- Information about these CMS calls is available by subscribing to Open Door Forums: https://www.cms.gov/Outreach-and-Education/Outreach/OpenDoorForums.
- Recordings and transcripts of past CMS calls are available at: https://www.cms.gov/Outreach-and-Education/Outreach/OpenDoorForums/PodcastAndTranscripts.
The Surgeon General Jerome Adams announced a new U.S. Department of Health and Human Services telehealth website intended to be a resource for health care providers and patients to access high quality health care across the United States. The new website can be found at: https://telehealth.hhs.gov/
The Food and Drug Administration (FDA) approved LabCorp’s home testing kit for COVID-19. These kits will initially be available to health care workers and first responders who may have been exposed to the virus or have symptoms. With a doctor’s order, patients can collect samples through a nasal swab and mail the sample for testing. FDA said LabCorp intends to have the kit available in most states in the coming weeks.
Grassroots and Advocacy
ANA calls on you to tell your members of Congress to support the Medical Supply Chain Emergency Act in order to fully exercise the Defense Production Act (DPA) to get needed PPE to frontline providers to keep nurses safe! Visit ANA’s Call to Action page on RNAction to ensure that your Member of Congress hears from you. We have so far had over 10,500 nurse advocates send over 32,000 messages to Congress to urge them to support the Medical Supply Chain Emergency Act. ANA will continue to make sure that your voices are heard in the fight to get crucial PPE to the frontlines!
Monday, April 20, 2020 Update:
On April 19, CMS released guidelines for reopening the health care system, focusing on a return to providing non-COVID, non-emergency care in areas with low COVID incidence. CMS said that clinically appropriate care can be offered within a facility or community with low-COVID incidences, provided there is the ability to quickly respond to a COVID surge, if necessary. Decisions should be consistent with public health information and in collaboration with state public health authorities. Factors to consider include availability of PPE, workforce considerations, sanitation protocols, and testing capacity.
The National Institutes of Health (NIH) said it is partnering with the Foundation for the NIH to work with public and private stakeholders on an international response to COVID-19. The planned Accelerating COVID-19 Therapeutic Interventions and Vaccines (ACTIV) partnership will coordinate processes in vaccine and treatment development. Participating agencies include the HHS Office of Preparedness and Response, CDC, FDA, and the European Medicines Agency.
The Department of Health and Human Services Office for Civil Rights will not impose penalties for noncompliance with the regulatory requirements under the Health Insurance Portability and Accountability Act of 1996 (HIPAA) rules against covered health care providers in connection with the good faith provision of telehealth during COVID-19 nationwide public emergency.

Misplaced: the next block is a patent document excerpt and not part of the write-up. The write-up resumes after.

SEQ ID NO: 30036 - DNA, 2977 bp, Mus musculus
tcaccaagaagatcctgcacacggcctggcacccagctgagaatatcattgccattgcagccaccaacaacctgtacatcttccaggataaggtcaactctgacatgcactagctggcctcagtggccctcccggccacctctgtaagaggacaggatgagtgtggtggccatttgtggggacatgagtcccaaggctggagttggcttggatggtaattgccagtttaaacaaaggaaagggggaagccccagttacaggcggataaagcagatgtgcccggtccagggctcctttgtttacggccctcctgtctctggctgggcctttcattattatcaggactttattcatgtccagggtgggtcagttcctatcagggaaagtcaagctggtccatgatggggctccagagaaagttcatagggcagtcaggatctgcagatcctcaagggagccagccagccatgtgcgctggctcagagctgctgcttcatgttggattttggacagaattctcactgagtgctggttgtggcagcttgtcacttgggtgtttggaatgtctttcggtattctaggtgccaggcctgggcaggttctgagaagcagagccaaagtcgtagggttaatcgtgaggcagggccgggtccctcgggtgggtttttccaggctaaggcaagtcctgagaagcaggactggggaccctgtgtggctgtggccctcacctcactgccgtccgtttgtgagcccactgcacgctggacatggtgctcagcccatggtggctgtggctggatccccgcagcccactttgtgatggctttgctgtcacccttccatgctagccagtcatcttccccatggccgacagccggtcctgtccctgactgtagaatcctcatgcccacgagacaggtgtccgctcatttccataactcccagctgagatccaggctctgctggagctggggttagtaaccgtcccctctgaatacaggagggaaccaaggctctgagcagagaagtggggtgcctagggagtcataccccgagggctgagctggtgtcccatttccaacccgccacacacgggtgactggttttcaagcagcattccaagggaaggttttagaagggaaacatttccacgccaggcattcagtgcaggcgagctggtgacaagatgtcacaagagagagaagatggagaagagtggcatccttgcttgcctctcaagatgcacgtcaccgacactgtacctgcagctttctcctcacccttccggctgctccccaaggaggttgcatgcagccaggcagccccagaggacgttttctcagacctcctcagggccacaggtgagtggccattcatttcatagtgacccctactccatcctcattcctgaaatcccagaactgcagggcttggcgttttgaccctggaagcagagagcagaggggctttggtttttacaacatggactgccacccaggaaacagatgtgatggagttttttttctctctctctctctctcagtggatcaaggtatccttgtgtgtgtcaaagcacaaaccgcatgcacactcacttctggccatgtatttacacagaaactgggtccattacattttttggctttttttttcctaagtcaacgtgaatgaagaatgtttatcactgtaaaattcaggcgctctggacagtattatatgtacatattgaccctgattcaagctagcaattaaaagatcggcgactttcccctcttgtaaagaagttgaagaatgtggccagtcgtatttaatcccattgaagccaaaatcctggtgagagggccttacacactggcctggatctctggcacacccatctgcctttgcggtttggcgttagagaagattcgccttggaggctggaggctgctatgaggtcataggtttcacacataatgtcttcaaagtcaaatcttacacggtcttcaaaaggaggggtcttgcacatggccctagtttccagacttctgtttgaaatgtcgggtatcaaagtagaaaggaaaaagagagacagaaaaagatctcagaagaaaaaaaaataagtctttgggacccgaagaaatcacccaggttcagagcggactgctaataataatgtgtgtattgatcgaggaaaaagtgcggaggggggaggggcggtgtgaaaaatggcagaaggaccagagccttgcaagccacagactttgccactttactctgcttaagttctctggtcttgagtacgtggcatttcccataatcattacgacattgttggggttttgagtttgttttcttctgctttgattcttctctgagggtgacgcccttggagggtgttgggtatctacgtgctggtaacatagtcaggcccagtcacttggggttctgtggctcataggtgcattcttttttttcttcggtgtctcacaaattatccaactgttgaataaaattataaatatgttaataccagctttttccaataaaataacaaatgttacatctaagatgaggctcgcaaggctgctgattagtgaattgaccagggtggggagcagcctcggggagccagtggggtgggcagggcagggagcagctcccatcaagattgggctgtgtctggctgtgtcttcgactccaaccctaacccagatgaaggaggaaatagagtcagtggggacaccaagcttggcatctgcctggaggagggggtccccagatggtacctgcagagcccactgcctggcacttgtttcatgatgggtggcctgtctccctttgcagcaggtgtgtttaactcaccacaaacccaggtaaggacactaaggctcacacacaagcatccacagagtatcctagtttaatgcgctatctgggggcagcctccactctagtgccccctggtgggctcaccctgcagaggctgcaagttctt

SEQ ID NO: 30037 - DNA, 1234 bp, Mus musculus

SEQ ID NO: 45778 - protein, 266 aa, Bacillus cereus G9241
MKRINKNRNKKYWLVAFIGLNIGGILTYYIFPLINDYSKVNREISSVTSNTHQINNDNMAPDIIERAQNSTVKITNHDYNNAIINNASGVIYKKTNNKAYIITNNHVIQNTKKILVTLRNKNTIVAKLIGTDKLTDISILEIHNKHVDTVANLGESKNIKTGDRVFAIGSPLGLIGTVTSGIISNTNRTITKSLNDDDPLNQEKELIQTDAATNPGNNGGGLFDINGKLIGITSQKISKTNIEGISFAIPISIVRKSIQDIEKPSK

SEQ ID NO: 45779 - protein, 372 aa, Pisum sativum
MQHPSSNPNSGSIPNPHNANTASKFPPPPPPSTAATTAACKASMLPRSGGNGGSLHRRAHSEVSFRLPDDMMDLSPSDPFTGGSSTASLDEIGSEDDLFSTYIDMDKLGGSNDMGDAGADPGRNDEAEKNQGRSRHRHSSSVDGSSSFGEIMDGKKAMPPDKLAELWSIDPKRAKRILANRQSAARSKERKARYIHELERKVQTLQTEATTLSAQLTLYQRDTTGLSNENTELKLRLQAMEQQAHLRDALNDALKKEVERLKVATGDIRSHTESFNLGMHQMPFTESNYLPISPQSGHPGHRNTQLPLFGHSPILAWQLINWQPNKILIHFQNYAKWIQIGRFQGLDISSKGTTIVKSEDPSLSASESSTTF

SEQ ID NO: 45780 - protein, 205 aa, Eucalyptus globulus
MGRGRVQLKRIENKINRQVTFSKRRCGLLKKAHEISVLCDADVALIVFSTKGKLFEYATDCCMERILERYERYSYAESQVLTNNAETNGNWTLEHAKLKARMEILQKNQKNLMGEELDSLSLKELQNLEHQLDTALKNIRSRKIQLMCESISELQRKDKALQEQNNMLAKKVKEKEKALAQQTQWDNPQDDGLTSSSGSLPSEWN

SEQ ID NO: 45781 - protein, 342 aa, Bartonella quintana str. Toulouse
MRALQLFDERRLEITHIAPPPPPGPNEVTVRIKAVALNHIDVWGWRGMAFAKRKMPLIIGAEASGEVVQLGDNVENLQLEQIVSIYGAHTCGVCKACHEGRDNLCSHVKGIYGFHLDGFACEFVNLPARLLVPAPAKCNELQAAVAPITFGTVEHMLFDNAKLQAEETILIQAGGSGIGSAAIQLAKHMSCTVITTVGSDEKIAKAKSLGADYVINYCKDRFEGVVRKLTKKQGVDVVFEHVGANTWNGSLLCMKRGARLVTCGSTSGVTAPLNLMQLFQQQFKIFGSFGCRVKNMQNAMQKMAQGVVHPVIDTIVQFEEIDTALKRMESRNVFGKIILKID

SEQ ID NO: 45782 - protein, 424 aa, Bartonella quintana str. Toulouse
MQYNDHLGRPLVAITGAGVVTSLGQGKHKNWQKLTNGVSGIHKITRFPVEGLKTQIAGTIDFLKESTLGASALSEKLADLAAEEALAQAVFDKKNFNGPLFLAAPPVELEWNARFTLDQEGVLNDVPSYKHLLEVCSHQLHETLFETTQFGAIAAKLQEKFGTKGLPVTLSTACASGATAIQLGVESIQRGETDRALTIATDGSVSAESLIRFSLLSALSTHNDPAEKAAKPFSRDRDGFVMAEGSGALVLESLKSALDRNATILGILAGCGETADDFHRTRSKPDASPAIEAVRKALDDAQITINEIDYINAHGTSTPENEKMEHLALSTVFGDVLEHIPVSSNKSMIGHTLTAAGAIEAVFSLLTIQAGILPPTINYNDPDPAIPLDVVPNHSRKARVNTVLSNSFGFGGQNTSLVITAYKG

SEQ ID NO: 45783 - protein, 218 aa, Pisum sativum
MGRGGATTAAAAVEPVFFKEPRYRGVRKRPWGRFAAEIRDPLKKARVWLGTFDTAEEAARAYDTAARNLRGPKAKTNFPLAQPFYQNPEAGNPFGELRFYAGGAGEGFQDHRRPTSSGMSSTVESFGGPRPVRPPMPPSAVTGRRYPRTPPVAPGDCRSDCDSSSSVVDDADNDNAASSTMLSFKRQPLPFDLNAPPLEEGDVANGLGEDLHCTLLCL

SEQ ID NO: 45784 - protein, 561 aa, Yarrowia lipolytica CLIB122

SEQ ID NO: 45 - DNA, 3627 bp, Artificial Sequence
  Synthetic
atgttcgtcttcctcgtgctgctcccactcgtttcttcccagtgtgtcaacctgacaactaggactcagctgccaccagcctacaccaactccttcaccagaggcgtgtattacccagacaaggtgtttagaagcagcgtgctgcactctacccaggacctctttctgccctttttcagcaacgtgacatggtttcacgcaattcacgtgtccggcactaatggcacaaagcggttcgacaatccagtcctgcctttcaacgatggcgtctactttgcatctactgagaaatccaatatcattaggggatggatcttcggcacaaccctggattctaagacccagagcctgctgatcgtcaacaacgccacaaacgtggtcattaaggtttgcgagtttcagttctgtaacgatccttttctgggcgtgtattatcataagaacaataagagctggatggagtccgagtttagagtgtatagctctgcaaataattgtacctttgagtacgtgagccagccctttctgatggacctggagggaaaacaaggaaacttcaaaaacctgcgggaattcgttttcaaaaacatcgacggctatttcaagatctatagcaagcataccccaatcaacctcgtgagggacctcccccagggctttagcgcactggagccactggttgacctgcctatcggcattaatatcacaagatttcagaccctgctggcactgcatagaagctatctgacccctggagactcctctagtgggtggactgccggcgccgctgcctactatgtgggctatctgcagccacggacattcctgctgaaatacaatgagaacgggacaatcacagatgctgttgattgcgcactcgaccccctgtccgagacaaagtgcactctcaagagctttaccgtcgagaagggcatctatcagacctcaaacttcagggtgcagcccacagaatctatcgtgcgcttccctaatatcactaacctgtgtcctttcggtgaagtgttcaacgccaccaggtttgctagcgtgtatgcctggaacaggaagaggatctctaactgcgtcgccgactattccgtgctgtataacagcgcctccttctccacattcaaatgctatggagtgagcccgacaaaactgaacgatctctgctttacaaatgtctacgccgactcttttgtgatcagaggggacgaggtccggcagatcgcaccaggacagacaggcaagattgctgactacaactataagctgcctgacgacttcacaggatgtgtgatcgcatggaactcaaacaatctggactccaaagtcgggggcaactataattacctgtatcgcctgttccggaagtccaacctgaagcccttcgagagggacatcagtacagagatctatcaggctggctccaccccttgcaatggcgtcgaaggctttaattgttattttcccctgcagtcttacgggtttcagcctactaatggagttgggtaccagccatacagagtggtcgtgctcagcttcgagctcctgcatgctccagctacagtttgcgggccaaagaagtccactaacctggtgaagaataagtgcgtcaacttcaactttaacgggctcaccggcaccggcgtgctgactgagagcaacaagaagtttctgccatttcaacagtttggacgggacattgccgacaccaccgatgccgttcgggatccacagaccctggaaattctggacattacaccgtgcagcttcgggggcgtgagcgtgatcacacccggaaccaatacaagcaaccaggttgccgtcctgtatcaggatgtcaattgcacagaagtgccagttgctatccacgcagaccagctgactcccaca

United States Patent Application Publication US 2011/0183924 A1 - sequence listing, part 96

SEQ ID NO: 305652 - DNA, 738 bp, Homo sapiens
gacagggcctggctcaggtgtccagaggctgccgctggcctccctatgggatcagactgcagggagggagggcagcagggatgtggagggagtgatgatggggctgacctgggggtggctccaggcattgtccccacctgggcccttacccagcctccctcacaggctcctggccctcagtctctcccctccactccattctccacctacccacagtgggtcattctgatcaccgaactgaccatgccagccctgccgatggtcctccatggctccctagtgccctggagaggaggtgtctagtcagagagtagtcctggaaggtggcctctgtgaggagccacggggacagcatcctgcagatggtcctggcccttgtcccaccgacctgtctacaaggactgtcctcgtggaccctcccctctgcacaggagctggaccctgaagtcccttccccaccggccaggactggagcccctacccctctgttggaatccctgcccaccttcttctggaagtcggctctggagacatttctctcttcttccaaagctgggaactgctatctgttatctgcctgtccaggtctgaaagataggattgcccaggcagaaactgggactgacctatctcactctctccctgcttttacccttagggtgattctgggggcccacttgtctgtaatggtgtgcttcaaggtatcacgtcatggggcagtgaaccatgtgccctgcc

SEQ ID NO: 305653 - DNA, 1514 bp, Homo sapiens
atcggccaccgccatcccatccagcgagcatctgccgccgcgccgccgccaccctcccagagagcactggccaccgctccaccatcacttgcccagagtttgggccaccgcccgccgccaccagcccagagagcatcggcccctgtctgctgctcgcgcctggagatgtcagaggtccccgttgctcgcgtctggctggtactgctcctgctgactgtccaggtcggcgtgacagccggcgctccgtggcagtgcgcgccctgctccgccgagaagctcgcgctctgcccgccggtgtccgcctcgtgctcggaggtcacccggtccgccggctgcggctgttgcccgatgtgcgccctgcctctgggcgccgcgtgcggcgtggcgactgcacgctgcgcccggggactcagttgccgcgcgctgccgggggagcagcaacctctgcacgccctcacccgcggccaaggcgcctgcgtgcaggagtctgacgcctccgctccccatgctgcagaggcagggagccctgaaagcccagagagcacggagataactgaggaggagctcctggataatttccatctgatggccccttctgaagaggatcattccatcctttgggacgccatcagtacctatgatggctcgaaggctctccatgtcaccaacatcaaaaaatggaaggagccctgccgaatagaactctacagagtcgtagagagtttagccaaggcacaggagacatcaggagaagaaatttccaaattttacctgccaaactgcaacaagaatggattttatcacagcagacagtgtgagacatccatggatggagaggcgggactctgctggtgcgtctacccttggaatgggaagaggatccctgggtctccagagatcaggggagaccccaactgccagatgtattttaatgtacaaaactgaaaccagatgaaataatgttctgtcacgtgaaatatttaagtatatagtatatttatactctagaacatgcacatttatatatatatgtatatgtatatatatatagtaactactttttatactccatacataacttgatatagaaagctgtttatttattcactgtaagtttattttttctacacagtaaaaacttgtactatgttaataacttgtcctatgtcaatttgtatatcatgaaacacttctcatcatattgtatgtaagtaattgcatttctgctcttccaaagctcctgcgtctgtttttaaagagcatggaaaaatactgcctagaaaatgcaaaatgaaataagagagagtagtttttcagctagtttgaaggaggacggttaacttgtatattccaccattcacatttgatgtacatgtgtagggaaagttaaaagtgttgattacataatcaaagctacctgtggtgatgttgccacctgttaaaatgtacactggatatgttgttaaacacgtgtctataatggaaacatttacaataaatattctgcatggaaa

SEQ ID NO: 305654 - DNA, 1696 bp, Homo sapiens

Grassroots and Advocacy
ANA calls on you to tell your member of Congress to support the Medical Supply Chain Emergency Act in order to fully exercise the Defense Production Act (DPA) to get needed PPE to frontline providers to keep nurses safe! Visit ANA’s Call to Action page on RNAction to ensure that your Member of Congress hears from you. We have so far had over 10,000 nurse advocates send over 32,000 messages to Congress to urge them to support the Medical Supply Chain Emergency Act. ANA will continue to make sure that your voices are heard in the fight to get crucial PPE to the frontlines!
Wednesday, April 15, 2020 Update:
In interim guidance for the COVID-19 pandemic, OSHA instructed field personnel to prioritize inspections related to COVID-19-related hazards, with particular attention to health care organizations and first responders. In deciding whether to make an on-site inspection versus a less formal approach, OSHA will consider whether complaints about inadequate PPE are due to supply issues. Guidance also highlights needs for OSHA staff to protect themselves when conducting on-site inspection work, and further cautions staff to take care to avoid interference with the provision of ongoing medical services.
CMS announced that effective April 14, 2020 through the public health emergency, Medicare will now pay the higher payment of $100 for COVID-19 clinical diagnostic lab tests making use of high-throughput technologies developed by the private sector that allow for increased testing capacity, faster results, and more effective means of combating the spread of the virus. High-throughput lab tests can process more than two hundred specimens a day using highly sophisticated equipment that requires specially trained technicians and more time-intensive processes to assure quality.